Then one or more bushings, as the mechanic who is doing the assembly thinks will be necessary, is thrust into the connection 11, the sections of each bushing being arranged substantially as shown in Figures 2 and 3 so as to form a nest of complete bushings. The lugs 25 engage one another, or end edges of the cylindrical parts of the bushings, was to limit axial movement of the bushings. The gaps between the edges of the splits in the outer bushings of the nests will be 30 greater than the gaps between the edges of the splits in the inner bushings of the nest, since the bushings are identically dimensioned, and it might possiblybe, as indicated in Fig. 3, that the inner bushing of the nest will have no gap what- 35 ever at the split, the gap being completely closed as above described;
The mechanic then inserts the pipe end 12 into the nest of, bushings and the assembly is then in a partially completed state, the parts being somewhat loose with respect to one another.
The clamping bolt 28 is then tightened and the parts are contracted to fit as closely as necessary to effect aficight connection.
It will be observed that the lugs 25 facilitate de-nesting of nested bushings, and also facilitate removal of bushings from the connection 11 or the end of pipe 12.
ItWvill also be observed that the bushing sections when contracted are flexed much less than is the case where the bushings are each made of one piece.
Figure 4 shows a plurality of bushings 40, 41,
42, each of which is formed of a spirally rolled metal ribbon, with the edges 43 of the ribbons as close to one another as possible. When these are nested, as in Figure 5, the friction due to longitudinal interfltting and sliding of the bushings will close the cracks between edges 43 as completely as possible. P"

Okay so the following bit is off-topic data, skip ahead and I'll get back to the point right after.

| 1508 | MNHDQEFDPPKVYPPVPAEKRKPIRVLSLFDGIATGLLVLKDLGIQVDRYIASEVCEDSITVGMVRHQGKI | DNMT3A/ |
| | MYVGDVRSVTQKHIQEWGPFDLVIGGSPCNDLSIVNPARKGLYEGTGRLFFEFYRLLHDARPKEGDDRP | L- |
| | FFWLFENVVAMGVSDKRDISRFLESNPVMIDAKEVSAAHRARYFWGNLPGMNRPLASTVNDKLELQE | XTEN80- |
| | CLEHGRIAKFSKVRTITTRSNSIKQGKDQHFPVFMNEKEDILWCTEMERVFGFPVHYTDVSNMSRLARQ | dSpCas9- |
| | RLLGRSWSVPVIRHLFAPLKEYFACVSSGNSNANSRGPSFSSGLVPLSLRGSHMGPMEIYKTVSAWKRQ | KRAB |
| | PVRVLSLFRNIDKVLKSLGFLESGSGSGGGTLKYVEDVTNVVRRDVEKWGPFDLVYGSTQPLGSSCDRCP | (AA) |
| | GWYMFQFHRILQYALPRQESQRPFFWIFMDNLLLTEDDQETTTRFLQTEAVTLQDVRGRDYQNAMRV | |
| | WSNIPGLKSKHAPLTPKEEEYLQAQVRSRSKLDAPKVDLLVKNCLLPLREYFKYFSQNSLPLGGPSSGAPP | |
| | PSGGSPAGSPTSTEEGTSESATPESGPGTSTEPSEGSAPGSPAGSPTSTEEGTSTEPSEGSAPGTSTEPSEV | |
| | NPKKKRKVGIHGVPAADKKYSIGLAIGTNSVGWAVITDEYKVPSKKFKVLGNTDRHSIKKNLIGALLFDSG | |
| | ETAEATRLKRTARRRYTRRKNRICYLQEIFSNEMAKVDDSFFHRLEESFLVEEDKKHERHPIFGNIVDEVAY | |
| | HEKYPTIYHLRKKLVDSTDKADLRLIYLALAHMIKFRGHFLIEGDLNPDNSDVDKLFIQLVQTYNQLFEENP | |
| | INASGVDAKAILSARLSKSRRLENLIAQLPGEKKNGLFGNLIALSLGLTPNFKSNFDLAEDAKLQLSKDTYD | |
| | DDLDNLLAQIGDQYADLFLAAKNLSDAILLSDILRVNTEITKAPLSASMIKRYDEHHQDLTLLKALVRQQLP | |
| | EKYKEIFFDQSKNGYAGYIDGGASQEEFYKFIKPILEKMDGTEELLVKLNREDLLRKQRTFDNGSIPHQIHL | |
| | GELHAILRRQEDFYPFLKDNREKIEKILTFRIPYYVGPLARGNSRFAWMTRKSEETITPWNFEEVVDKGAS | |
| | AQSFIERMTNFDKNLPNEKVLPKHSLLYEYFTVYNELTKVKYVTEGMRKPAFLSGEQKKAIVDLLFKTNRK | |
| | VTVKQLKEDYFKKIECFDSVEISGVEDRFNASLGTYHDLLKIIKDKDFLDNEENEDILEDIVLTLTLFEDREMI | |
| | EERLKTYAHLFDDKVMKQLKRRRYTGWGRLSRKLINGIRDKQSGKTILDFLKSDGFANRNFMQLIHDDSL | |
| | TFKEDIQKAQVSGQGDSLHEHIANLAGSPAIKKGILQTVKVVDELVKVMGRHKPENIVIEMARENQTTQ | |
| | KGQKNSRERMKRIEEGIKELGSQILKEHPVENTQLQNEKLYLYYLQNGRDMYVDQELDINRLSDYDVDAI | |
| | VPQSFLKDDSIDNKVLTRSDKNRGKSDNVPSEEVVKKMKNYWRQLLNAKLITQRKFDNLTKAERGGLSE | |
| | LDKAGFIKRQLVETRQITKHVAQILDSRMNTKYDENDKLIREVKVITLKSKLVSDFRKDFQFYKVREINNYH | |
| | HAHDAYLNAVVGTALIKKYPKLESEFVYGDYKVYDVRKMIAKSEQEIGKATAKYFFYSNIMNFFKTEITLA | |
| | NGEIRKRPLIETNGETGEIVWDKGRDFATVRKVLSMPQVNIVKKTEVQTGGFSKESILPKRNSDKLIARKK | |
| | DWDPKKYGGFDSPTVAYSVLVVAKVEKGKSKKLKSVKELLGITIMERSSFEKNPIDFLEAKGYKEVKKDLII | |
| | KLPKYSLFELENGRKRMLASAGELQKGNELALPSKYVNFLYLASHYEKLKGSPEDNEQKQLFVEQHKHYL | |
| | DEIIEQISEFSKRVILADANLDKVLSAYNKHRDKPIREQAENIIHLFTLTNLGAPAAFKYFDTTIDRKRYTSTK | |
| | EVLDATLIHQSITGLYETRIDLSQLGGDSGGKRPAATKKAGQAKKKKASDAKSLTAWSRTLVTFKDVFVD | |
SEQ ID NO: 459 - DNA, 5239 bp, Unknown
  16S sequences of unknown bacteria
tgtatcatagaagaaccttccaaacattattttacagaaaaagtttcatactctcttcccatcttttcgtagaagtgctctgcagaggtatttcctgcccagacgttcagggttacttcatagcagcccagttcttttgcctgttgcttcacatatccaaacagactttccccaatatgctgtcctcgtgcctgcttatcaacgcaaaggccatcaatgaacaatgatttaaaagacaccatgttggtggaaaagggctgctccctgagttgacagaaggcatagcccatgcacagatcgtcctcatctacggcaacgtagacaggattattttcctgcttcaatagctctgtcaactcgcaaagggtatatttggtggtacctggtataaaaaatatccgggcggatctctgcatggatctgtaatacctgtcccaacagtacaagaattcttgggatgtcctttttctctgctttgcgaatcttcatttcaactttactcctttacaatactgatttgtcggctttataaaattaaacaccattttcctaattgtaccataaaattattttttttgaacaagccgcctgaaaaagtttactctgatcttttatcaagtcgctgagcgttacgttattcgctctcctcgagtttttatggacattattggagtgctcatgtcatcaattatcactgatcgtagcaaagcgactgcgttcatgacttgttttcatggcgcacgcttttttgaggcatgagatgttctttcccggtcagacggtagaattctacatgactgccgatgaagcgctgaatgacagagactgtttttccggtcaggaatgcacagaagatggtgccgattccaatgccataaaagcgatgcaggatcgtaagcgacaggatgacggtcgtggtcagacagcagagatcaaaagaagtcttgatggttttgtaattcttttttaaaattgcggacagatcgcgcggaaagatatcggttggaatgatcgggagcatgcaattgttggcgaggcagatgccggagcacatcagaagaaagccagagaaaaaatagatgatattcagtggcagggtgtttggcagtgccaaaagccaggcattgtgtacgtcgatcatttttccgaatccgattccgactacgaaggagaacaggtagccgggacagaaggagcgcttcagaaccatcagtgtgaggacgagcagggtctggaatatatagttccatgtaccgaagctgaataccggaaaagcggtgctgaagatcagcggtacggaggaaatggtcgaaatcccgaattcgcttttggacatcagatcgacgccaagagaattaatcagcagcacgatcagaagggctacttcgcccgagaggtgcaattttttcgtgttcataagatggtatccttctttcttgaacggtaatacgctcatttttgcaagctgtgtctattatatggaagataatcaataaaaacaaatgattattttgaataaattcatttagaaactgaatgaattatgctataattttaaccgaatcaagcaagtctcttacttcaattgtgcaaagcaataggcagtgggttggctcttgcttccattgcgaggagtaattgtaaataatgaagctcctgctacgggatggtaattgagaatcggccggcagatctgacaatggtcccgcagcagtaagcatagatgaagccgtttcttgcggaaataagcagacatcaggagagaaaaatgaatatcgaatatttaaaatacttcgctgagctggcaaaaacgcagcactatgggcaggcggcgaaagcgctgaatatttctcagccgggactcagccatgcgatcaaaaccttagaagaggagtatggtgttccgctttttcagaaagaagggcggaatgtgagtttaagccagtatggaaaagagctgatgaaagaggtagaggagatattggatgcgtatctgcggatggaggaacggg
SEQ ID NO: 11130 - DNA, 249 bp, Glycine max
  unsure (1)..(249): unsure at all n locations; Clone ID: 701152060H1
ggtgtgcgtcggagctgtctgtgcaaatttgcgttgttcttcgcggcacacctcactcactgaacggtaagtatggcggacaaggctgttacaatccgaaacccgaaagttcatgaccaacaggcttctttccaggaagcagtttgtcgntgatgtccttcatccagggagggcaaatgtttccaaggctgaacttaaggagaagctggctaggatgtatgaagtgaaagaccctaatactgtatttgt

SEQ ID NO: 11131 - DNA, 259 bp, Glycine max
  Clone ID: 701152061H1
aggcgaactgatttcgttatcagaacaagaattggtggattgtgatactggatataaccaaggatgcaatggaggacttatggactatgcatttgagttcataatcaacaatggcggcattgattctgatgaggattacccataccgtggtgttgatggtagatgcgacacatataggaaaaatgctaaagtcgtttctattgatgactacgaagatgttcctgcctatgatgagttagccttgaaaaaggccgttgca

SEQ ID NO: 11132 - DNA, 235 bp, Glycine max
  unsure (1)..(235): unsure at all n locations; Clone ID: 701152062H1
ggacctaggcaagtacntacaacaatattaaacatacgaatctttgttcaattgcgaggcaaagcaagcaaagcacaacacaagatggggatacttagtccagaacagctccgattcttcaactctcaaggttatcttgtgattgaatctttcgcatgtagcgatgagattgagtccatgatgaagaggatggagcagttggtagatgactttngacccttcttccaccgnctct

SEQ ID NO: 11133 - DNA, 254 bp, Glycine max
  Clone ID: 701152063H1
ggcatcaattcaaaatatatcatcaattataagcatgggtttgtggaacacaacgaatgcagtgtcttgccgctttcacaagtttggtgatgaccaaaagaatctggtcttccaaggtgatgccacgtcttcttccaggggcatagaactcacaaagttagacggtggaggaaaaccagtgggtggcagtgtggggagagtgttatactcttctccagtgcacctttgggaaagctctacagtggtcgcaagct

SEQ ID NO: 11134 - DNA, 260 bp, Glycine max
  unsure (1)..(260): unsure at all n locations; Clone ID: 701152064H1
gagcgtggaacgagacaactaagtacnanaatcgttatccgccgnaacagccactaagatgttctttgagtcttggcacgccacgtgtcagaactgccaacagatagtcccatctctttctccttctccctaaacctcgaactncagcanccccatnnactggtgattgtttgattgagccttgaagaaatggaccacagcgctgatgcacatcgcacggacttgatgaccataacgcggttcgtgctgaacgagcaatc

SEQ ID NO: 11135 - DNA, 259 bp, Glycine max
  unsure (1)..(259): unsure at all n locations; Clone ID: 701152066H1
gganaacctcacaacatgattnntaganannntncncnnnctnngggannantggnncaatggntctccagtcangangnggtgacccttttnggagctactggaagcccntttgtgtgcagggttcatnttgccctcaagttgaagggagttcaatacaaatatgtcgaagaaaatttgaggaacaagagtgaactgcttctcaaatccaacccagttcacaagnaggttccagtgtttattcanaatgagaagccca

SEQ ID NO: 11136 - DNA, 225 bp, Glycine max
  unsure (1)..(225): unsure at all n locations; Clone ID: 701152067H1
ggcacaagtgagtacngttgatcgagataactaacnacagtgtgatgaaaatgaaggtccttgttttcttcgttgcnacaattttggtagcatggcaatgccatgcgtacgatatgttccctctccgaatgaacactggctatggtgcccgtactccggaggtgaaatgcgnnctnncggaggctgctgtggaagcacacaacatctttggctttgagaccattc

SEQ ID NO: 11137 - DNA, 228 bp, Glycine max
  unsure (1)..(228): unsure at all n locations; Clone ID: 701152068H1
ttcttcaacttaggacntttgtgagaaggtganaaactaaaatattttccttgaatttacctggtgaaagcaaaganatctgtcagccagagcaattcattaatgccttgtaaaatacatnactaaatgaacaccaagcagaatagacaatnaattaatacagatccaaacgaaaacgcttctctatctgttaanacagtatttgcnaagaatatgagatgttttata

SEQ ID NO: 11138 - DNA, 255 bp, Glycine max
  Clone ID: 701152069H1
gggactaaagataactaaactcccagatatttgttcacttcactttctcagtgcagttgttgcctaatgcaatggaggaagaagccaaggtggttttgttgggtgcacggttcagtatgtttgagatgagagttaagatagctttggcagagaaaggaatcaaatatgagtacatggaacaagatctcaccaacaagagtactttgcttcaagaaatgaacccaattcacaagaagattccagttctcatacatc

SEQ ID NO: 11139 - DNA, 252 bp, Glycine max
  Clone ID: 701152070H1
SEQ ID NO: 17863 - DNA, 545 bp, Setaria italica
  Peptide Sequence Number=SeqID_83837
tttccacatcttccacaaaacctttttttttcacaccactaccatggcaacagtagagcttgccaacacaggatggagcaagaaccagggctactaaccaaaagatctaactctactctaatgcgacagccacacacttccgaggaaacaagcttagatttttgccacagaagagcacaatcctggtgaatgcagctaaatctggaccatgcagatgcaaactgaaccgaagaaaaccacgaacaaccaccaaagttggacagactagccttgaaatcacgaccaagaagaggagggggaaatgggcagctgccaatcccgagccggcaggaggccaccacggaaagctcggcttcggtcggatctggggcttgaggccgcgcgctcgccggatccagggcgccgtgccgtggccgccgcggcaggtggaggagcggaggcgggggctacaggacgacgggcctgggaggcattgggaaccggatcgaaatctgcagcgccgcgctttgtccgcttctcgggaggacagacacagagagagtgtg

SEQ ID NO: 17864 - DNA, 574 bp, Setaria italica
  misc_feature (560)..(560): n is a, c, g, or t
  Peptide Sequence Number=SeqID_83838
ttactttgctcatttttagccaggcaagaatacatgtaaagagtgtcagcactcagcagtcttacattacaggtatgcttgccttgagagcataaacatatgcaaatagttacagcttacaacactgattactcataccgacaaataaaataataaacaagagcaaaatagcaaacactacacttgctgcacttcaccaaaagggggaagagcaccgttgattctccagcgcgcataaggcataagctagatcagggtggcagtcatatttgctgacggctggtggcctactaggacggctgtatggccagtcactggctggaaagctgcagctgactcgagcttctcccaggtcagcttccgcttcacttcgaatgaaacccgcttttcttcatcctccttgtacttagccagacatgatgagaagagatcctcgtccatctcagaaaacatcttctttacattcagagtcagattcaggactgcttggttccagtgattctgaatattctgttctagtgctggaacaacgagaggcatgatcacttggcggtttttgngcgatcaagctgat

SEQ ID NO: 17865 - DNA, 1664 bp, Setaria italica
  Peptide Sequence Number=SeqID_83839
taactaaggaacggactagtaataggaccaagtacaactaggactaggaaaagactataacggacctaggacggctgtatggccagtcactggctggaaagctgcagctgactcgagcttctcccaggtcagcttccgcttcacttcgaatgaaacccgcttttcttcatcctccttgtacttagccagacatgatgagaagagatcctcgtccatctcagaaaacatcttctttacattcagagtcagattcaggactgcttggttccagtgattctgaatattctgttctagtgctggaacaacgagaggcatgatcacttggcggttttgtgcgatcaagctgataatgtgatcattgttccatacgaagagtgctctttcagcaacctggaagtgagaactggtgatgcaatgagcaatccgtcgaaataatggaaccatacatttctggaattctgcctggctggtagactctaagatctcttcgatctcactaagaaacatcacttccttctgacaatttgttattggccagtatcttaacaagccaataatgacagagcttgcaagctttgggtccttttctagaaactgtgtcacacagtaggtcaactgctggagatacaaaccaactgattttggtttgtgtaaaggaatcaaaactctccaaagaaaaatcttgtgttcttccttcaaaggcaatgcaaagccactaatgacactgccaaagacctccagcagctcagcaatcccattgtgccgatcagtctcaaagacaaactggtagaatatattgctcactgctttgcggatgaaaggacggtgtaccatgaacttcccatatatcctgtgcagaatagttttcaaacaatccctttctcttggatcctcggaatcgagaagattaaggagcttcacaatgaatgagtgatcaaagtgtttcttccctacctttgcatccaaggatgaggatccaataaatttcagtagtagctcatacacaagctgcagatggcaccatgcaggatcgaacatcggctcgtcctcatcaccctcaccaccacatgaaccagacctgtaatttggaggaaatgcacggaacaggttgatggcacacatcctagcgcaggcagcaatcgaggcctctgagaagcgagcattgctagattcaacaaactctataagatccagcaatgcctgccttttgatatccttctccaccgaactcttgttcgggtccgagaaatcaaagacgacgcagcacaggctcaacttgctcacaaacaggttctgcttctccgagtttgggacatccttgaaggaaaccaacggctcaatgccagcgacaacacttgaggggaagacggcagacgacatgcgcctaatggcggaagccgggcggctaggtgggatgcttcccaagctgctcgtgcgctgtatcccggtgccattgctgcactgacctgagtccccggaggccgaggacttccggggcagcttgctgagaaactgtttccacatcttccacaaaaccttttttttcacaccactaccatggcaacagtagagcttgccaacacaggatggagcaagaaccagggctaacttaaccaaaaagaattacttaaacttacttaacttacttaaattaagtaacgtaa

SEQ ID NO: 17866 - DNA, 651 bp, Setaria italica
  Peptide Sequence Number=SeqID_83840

The parts are so proportioned, as to the ratio of the width of the ribbon to the diameter, that the pitch of the helical edges'is very small. This permits the clamp 26 to cause the parts to wind up and facilitate the closing of the crack between the edges 43.
If desired, the bushings may be provided with struck out teats which facilitate longitudinal separation of the bushings from the nest of them, these serving as substitutes for the lugs 25 of Figure 1. Further, the sharp angle ends of the ribbon stock are cut off, as at 46, and these provide notches 47 which receive teats of neighboring bushings when they are nested.
Now having described a preferred embodiment of the invention, reference will be had to the following claims for a determination of the scope of the invention:
1. Means forming a sealing connection between nested ends of pipes of dissimilar diameter and taking up all of the circumferential space between the nested ends comprising a nest of adapter or take up bushings disposed in and taking up all of the circumferential space be tween the nested ends, each of said bushings being in the form of a spirally rolled metal ribbon which, when assembled in the space between the nested ends of the pipes, has its helical split line closed for sealing purposes.
2. Means forming a sealing connection between nested ends of pipes of dissimilar diameter and taking up all of the circumferential space between the nested ends comprising an adapter or take up bushing disposed in and taking up all of the circumferential space between the nested ends, said bushing being in the form of a spirally rolled metal ribbon which, when in the space between the nested ends of the pipes, has its helical split line closed for sealing purposes.
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|U.S. Classification||285/324, 285/322, 285/420|
|Cooperative Classification||F16L25/14, F01N13/1844, F01N13/1805|